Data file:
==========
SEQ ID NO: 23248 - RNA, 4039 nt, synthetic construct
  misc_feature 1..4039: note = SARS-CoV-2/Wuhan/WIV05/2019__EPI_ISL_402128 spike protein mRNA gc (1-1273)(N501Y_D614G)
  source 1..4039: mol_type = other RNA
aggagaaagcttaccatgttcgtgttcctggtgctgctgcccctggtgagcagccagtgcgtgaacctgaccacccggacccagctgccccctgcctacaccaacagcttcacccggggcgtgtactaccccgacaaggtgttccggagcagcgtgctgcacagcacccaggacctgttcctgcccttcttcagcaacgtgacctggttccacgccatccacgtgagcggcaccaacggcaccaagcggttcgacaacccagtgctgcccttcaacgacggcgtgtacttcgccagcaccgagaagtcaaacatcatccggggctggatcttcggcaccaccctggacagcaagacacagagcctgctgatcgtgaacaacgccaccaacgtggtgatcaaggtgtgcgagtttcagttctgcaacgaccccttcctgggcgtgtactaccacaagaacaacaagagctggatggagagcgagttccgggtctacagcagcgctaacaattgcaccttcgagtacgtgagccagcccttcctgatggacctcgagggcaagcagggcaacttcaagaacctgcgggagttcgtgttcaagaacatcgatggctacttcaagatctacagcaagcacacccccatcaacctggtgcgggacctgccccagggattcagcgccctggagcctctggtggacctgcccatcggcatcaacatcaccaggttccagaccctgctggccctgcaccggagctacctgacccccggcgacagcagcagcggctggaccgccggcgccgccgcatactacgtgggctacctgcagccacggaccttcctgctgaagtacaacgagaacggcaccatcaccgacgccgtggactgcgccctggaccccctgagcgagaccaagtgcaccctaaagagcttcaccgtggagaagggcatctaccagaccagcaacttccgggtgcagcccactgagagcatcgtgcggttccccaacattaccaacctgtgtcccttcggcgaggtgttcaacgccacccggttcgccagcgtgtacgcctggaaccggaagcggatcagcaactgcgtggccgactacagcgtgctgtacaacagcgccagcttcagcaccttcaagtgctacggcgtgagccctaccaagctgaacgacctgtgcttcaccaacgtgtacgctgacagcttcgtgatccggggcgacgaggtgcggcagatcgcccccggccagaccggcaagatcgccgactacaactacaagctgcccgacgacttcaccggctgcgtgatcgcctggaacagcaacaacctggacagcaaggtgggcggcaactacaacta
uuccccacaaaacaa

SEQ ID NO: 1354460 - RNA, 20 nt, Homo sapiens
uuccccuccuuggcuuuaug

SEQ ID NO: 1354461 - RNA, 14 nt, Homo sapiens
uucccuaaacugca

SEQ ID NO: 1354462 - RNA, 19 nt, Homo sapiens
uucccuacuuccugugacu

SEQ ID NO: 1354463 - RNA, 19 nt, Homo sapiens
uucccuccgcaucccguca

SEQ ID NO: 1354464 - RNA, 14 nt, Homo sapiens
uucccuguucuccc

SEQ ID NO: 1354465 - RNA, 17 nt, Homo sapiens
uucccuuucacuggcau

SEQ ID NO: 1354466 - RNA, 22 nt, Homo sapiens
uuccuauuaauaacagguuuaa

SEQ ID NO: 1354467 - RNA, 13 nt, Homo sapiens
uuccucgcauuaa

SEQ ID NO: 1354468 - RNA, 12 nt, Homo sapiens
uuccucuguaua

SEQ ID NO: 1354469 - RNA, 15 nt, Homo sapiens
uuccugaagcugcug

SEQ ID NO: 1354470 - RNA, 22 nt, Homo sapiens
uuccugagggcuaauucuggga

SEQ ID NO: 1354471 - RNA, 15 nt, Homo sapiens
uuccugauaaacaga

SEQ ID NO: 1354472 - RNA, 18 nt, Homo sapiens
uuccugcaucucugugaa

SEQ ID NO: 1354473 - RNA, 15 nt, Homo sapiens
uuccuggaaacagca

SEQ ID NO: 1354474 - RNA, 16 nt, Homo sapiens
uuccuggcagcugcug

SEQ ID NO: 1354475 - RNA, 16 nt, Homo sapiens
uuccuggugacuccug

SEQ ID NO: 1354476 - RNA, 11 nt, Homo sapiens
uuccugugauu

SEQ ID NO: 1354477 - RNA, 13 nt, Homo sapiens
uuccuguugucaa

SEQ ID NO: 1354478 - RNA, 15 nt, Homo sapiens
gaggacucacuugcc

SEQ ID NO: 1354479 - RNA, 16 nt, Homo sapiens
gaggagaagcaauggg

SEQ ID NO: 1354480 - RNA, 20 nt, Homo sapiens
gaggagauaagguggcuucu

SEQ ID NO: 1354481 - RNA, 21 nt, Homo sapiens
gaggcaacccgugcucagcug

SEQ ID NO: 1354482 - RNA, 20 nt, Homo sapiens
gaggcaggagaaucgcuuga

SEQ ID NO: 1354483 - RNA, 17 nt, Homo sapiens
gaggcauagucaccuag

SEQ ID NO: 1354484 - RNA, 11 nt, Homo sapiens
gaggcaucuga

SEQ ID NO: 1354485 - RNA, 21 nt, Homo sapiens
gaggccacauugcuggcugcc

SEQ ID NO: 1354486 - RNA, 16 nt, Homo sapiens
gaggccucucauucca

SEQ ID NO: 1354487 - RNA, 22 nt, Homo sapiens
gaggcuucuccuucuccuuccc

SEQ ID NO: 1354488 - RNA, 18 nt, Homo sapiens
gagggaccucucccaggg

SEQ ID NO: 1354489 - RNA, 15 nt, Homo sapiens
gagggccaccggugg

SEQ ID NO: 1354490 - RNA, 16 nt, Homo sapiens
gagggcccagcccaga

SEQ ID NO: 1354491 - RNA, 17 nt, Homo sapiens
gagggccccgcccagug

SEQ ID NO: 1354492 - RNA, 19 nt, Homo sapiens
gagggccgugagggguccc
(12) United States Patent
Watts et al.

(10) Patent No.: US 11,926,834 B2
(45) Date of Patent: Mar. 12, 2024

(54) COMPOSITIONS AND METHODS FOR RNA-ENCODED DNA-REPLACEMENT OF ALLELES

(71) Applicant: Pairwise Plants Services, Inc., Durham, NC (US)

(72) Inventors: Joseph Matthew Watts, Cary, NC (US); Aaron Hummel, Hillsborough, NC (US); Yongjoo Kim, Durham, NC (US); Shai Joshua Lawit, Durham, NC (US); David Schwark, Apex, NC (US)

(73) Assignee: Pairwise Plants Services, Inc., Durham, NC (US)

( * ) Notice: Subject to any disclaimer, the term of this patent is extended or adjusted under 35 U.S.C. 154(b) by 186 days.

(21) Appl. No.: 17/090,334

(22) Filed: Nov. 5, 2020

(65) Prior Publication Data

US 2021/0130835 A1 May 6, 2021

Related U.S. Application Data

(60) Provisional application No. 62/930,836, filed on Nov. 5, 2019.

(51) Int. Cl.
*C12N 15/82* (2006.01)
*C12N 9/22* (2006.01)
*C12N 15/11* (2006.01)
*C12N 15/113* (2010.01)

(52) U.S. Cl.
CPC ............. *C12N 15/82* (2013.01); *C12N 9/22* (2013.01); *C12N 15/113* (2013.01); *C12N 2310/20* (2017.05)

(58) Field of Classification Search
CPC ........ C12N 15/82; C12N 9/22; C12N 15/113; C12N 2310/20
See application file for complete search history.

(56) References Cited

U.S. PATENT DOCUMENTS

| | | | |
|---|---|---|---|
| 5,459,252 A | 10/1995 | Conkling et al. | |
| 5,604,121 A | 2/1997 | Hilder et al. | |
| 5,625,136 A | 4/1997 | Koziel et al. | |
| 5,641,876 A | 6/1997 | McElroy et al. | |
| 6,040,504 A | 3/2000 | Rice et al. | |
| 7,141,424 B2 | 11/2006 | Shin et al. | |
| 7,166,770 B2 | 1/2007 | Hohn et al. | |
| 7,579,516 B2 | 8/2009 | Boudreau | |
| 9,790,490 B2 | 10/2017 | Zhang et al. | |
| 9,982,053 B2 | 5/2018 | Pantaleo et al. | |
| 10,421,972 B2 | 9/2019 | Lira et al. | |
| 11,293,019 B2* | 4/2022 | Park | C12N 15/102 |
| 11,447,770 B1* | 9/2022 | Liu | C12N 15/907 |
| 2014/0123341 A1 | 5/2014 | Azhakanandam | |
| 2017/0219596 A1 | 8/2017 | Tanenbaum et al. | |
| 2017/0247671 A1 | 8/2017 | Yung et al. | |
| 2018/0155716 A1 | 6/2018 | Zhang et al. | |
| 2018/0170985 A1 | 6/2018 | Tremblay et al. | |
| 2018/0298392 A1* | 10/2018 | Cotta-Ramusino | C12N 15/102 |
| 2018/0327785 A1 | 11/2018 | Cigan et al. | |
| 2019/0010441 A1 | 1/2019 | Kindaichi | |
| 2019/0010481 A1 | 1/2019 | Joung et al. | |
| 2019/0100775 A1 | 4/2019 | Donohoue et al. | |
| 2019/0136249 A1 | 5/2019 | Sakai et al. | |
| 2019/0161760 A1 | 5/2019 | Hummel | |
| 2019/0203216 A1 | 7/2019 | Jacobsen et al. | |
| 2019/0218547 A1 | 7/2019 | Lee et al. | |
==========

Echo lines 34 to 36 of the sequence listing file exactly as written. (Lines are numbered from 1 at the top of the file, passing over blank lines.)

SEQ ID NO: 1354474 - RNA, 16 nt, Homo sapiens
uuccuggcagcugcug

SEQ ID NO: 1354475 - RNA, 16 nt, Homo sapiens